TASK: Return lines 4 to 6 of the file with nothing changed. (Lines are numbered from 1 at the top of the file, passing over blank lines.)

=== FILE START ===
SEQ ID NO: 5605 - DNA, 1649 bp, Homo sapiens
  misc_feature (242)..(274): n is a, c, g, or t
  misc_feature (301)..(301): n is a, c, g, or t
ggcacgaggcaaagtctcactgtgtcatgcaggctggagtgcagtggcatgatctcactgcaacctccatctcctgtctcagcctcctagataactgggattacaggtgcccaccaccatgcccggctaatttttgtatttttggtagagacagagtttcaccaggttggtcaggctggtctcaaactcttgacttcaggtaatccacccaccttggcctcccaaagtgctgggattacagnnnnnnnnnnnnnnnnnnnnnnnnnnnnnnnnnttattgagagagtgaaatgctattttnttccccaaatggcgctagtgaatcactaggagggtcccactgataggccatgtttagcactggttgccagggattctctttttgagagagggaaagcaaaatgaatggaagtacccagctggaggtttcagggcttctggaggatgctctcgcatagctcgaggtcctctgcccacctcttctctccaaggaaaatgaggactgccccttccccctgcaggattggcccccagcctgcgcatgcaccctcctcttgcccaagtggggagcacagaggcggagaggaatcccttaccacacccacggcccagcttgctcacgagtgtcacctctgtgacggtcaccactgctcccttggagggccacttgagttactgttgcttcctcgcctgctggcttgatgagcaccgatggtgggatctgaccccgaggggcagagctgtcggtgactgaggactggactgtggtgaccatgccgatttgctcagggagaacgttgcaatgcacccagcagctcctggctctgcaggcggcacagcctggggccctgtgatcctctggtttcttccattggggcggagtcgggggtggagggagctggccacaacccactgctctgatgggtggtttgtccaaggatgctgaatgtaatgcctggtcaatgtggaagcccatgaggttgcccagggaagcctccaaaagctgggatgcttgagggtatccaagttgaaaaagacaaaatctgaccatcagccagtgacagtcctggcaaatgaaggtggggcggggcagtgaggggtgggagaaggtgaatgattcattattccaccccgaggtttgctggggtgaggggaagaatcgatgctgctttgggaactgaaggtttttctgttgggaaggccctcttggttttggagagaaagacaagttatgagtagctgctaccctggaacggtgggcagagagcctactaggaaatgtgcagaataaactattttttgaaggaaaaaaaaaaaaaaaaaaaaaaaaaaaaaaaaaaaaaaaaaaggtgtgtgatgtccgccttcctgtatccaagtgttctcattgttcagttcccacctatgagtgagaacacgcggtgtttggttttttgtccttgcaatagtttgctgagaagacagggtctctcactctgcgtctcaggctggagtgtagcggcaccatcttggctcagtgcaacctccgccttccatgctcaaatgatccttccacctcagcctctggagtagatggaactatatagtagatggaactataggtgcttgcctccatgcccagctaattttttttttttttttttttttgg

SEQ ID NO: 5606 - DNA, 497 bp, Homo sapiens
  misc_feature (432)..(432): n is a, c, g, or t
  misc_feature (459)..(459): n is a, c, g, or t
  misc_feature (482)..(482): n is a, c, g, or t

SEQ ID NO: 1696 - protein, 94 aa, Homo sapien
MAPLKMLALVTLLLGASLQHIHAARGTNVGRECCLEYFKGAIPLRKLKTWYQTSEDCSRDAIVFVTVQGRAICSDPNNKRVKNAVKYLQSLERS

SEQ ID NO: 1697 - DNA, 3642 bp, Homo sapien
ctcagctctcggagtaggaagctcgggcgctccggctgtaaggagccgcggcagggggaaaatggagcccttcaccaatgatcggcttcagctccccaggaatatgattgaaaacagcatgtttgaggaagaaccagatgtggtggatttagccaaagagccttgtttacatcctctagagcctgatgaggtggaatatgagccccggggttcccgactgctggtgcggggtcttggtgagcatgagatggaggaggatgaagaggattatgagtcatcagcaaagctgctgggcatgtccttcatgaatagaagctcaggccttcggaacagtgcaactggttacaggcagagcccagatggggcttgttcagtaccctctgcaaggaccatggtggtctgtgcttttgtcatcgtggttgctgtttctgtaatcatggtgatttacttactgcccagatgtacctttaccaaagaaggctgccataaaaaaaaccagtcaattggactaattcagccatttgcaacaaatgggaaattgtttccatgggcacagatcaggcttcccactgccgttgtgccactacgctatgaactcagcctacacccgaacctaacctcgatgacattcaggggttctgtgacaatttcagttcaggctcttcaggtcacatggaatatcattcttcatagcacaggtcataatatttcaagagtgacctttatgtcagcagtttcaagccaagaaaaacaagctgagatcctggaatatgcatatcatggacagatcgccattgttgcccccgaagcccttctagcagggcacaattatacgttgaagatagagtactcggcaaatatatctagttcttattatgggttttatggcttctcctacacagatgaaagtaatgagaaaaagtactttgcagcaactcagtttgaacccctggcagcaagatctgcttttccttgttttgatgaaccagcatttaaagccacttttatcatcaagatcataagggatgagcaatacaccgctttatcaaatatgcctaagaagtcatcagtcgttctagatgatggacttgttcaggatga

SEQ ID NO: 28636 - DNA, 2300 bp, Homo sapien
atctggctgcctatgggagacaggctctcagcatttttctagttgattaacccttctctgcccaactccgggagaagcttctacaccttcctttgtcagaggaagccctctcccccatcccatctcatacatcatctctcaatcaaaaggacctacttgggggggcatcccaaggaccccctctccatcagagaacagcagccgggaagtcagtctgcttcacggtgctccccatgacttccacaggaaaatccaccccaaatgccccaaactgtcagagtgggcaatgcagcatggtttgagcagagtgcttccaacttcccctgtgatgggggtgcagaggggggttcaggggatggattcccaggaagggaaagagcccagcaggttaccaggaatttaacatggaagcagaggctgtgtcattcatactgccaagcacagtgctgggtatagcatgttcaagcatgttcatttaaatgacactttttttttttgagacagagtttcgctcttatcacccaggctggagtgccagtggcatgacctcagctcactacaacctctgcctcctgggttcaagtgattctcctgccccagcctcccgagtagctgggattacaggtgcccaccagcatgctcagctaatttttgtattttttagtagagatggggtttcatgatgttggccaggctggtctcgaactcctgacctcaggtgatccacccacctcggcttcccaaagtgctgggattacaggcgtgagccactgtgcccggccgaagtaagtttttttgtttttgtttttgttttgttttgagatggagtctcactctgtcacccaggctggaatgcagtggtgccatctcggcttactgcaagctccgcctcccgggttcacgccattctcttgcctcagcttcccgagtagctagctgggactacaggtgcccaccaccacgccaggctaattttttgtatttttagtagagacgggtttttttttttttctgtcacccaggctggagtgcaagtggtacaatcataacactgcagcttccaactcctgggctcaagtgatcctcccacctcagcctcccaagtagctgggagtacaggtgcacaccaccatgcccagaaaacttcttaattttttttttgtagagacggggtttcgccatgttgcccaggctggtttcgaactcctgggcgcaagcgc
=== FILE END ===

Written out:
ggcacgaggcaaagtctcactgtgtcatgcaggctggagtgcagtggcatgatctcactgcaacctccatctcctgtctcagcctcctagataactgggattacaggtgcccaccaccatgcccggctaatttttgtatttttggtagagacagagtttcaccaggttggtcaggctggtctcaaactcttgacttcaggtaatccacccaccttggcctcccaaagtgctgggattacagnnnnnnnnnnnnnnnnnnnnnnnnnnnnnnnnnttattgagagagtgaaatgctattttnttccccaaatggcgctagtgaatcactaggagggtcccactgataggccatgtttagcactggttgccagggattctctttttgagagagggaaagcaaaatgaatggaagtacccagctggaggtttcagggcttctggaggatgctctcgcatagctcgaggtcctctgcccacctcttctctccaaggaaaatgaggactgccccttccccctgcaggattggcccccagcctgcgcatgcaccctcctcttgcccaagtggggagcacagaggcggagaggaatcccttaccacacccacggcccagcttgctcacgagtgtcacctctgtgacggtcaccactgctcccttggagggccacttgagttactgttgcttcctcgcctgctggcttgatgagcaccgatggtgggatctgaccccgaggggcagagctgtcggtgactgaggactggactgtggtgaccatgccgatttgctcagggagaacgttgcaatgcacccagcagctcctggctctgcaggcggcacagcctggggccctgtgatcctctggtttcttccattggggcggagtcgggggtggagggagctggccacaacccactgctctgatgggtggtttgtccaaggatgctgaatgtaatgcctggtcaatgtggaagcccatgaggttgcccagggaagcctccaaaagctgggatgcttgagggtatccaagttgaaaaagacaaaatctgaccatcagccagtgacagtcctggcaaatgaaggtggggcggggcagtgaggggtgggagaaggtgaatgattcattattccaccccgaggtttgctggggtgaggggaagaatcgatgctgctttgggaactgaaggtttttctgttgggaaggccctcttggttttggagagaaagacaagttatgagtagctgctaccctggaacggtgggcagagagcctactaggaaatgtgcagaataaactattttttgaaggaaaaaaaaaaaaaaaaaaaaaaaaaaaaaaaaaaaaaaaaaaggtgtgtgatgtccgccttcctgtatccaagtgttctcattgttcagttcccacctatgagtgagaacacgcggtgtttggttttttgtccttgcaatagtttgctgagaagacagggtctctcactctgcgtctcaggctggagtgtagcggcaccatcttggctcagtgcaacctccgccttccatgctcaaatgatccttccacctcagcctctggagtagatggaactatatagtagatggaactataggtgcttgcctccatgcccagctaattttttttttttttttttttttgg

SEQ ID NO: 5606 - DNA, 497 bp, Homo sapiens
  misc_feature (432)..(432): n is a, c, g, or t